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Estimating Mean Length of Stay in Prison: Methods and Applications

NCJ Number
Journal of Quantitative Criminology Volume: 24 Issue: 1 Dated: March 2008 Pages: 33-49
Evelyn J. Patterson; Samuel H. Preston
Date Published
March 2008
17 pages
This paper examines various approaches for studying the mean length of stay in prison, providing a systematic analysis of existing measures and developing two new methods for estimating mean length of stay in prison.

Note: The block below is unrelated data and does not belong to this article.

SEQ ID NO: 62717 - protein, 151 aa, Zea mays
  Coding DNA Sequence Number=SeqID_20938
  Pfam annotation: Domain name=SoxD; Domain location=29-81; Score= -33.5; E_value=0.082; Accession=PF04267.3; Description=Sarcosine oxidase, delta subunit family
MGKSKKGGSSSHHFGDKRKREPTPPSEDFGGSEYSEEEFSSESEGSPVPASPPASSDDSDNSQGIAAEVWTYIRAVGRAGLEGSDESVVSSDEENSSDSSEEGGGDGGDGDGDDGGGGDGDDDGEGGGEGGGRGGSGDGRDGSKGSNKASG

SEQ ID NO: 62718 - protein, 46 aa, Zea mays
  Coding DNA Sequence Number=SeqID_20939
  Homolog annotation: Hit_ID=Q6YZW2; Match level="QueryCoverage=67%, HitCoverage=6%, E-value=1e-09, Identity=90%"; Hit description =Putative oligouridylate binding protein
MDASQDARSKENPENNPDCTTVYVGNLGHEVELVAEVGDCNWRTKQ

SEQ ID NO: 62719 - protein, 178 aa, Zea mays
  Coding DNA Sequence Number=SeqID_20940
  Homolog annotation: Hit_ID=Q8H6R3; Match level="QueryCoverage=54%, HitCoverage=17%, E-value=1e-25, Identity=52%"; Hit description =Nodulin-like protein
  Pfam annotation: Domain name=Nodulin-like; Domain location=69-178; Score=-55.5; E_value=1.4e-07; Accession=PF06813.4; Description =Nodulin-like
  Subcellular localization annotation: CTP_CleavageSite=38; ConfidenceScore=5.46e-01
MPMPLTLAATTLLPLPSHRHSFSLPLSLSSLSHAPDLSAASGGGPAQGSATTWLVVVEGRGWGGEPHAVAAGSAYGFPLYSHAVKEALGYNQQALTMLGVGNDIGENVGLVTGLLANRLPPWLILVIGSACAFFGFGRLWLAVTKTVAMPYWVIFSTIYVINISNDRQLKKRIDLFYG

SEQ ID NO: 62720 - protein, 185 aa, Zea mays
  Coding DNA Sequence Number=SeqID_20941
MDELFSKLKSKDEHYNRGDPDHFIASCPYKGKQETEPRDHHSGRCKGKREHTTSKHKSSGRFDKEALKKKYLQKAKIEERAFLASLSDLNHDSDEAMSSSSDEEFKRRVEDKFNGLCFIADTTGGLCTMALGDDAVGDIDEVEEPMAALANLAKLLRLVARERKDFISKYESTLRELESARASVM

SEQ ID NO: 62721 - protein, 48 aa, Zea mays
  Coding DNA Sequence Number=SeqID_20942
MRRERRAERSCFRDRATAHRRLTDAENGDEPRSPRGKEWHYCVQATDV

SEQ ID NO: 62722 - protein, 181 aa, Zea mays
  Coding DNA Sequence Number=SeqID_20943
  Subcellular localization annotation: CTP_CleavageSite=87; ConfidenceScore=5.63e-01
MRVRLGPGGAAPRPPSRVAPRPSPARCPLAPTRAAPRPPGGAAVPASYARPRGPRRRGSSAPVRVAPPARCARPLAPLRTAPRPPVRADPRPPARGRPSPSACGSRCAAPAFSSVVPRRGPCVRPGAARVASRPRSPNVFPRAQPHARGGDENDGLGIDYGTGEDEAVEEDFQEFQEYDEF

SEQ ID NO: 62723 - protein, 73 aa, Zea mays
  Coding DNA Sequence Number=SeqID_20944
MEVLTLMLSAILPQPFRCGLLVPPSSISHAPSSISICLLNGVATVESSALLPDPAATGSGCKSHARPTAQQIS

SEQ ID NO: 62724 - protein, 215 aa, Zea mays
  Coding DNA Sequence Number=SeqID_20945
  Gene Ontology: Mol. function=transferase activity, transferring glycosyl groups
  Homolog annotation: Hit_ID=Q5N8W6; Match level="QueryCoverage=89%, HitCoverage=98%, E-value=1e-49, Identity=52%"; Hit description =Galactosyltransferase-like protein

The authors first describe the best method for estimating mean length of stay, i.e., the life table, and then profile three other estimation methods, each of which relies on the assumption of a stationary population. They show what biases result in these measures when a population is not stationary and develop a method for correcting the biases in two of the three cases. The paper then demonstrates the performance of the four existing methods and two improved methods in populations that are not stationary. One set of such populations is termed "stable" populations in terms of demographics. Next, the authors use population simulation, which allows the imposition of shocks stemming from growth or decline in prison admissions and in changes in the length of stay inside prison. Both of these approaches permit the assessment of the sensitivity of the estimates to violation of assumptions and to error in data. The paper concludes with recommendations about the measures to be used for future examination of length of stay in prison. 7 tables, 27 references, and appended sources and processing of data and derivations